I’d been writing. I’d only planned on an hour or so, but three had passed. I just couldn’t stop. It was like the words were flowing through me and I was too scared to stop. It was amazing. So exhilarating and energizing. So easy. I love easy. It was late, though, and I had to shift gears and close down for the night.
The next day when I tried to pick up where I’d left off, I couldn’t. The flow wasn’t there. I’d gotten into an argument with my partner. I woke up feeling lousy. And there was an acute pressure to generate some immediate revenue rather than write. I felt guilty about following my passion, the amount of time I’d invested, and the sacrifices that had been made while I did tried to make my dream a reality.
I was incredibly scared. What if I couldn’t finish writing the book? What if nobody read the book? What if I failed? Another wave of guilt washed over me. It was exhausting. The fear just seems to build on itself.
Bring on the miracles
There was a lot going on. If I wanted to tap into my creative juices again, I knew I’d have to make some serious shifts, heal some of the old hurts driving the rising fear, and be willing to trust myself.
Sometimes the search for your creative spark feels like the mirage in the desert. The more you focus on getting it back by chasing it, the more elusive it becomes. All the fears of, “What if?” only serve to deepen the dry spell, digging you deeper into the trench. Where your focus goes, your energy flows. The more you focus on what’s not working, the more that doesn’t work. It’s a vicious cycle.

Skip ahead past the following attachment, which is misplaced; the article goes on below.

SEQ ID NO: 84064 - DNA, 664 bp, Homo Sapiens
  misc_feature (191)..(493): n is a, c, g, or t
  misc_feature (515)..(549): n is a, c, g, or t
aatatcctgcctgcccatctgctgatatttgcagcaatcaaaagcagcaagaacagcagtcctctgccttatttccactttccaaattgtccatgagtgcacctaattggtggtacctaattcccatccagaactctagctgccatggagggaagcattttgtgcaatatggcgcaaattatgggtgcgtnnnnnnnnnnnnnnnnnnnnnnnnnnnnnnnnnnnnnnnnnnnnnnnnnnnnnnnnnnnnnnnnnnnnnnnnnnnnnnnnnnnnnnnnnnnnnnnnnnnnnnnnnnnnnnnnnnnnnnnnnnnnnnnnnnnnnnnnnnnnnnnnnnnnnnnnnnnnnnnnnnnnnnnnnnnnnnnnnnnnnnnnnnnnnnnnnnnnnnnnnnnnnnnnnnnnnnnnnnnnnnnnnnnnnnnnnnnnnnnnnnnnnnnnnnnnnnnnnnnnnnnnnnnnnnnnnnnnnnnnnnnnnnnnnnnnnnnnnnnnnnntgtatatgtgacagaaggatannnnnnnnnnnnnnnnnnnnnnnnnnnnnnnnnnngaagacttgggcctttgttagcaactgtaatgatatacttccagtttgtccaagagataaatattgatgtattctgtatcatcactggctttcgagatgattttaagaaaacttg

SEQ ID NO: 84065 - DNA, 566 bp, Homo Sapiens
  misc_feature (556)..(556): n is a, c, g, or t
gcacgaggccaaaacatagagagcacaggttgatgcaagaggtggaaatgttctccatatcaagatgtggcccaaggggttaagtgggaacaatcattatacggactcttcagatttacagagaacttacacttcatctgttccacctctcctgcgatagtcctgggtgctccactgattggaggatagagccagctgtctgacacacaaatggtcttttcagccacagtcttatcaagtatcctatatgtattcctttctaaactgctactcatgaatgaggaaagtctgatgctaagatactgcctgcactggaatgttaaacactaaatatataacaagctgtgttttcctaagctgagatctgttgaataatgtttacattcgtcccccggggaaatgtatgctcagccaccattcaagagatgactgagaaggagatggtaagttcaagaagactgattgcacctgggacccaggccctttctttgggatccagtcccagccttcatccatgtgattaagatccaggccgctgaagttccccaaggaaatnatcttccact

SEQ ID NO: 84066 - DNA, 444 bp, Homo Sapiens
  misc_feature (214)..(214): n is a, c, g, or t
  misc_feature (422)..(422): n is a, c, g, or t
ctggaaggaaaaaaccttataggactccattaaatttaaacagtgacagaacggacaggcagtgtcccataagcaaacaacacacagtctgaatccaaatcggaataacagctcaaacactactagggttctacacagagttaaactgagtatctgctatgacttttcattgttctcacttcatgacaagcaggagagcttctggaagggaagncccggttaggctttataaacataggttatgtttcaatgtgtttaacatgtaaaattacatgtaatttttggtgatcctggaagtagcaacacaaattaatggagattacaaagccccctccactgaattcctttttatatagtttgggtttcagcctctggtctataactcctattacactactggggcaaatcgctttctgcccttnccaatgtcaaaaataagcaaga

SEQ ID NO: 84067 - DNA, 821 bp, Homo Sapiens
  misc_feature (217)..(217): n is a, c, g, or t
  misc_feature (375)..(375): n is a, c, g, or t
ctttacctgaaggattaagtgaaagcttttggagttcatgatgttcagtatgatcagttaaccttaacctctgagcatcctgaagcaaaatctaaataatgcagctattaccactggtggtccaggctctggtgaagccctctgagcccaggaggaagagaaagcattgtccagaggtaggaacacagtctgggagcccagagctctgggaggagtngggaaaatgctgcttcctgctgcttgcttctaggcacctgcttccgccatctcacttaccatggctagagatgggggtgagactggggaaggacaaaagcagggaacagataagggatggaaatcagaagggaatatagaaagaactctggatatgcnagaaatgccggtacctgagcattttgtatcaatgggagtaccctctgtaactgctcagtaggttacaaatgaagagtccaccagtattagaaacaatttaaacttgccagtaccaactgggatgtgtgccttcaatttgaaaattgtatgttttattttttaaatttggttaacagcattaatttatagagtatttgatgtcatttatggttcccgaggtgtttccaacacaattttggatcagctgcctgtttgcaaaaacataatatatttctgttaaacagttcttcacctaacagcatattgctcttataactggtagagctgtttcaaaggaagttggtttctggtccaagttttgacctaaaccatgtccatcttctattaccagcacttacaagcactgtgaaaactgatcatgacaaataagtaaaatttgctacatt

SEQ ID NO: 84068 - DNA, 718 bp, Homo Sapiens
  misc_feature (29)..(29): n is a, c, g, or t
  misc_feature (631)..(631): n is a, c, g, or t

When our actions reach the limits of our esteem, our brains will click into a warning mode. Somewhere along the way, we’ve all experienced a bruised ego that embedded the thought, “I never want to feel that way again!” The mind tries to keep us safe. So when we reach those outer edges of what we are and start to ease into what we could be, the mind activates the saboteur archetype in us to keep us “safe.”
Regardless of how big your dreams are, if you don’t believe 100% that you can be that or if something triggers an old belief around success, you can’t move forward. The creative flow stops.
The journey out of the dry spell requires a journey in.
In yoga and ayurveda (a form of Eastern Medicine), swadisthana is believed to be the energy center that drives creativity. Located two inches below the navel, just anterior to the sacrum, this center develops between ages 6 – 24 months. Vocabulary skills at that time are rudimentary. Emotions are much better expressed creatively.
At that age, everything is new! There is no history to mar the experience. No “been there, done that, not doing that again!” There is no comparison-itis. Just play, eat, play, poop, play and rest before the whole process starts again. Life is fun, especially if you are raised in a loving, supportive family because you just get to be you without too much concern about safety, security, and survival.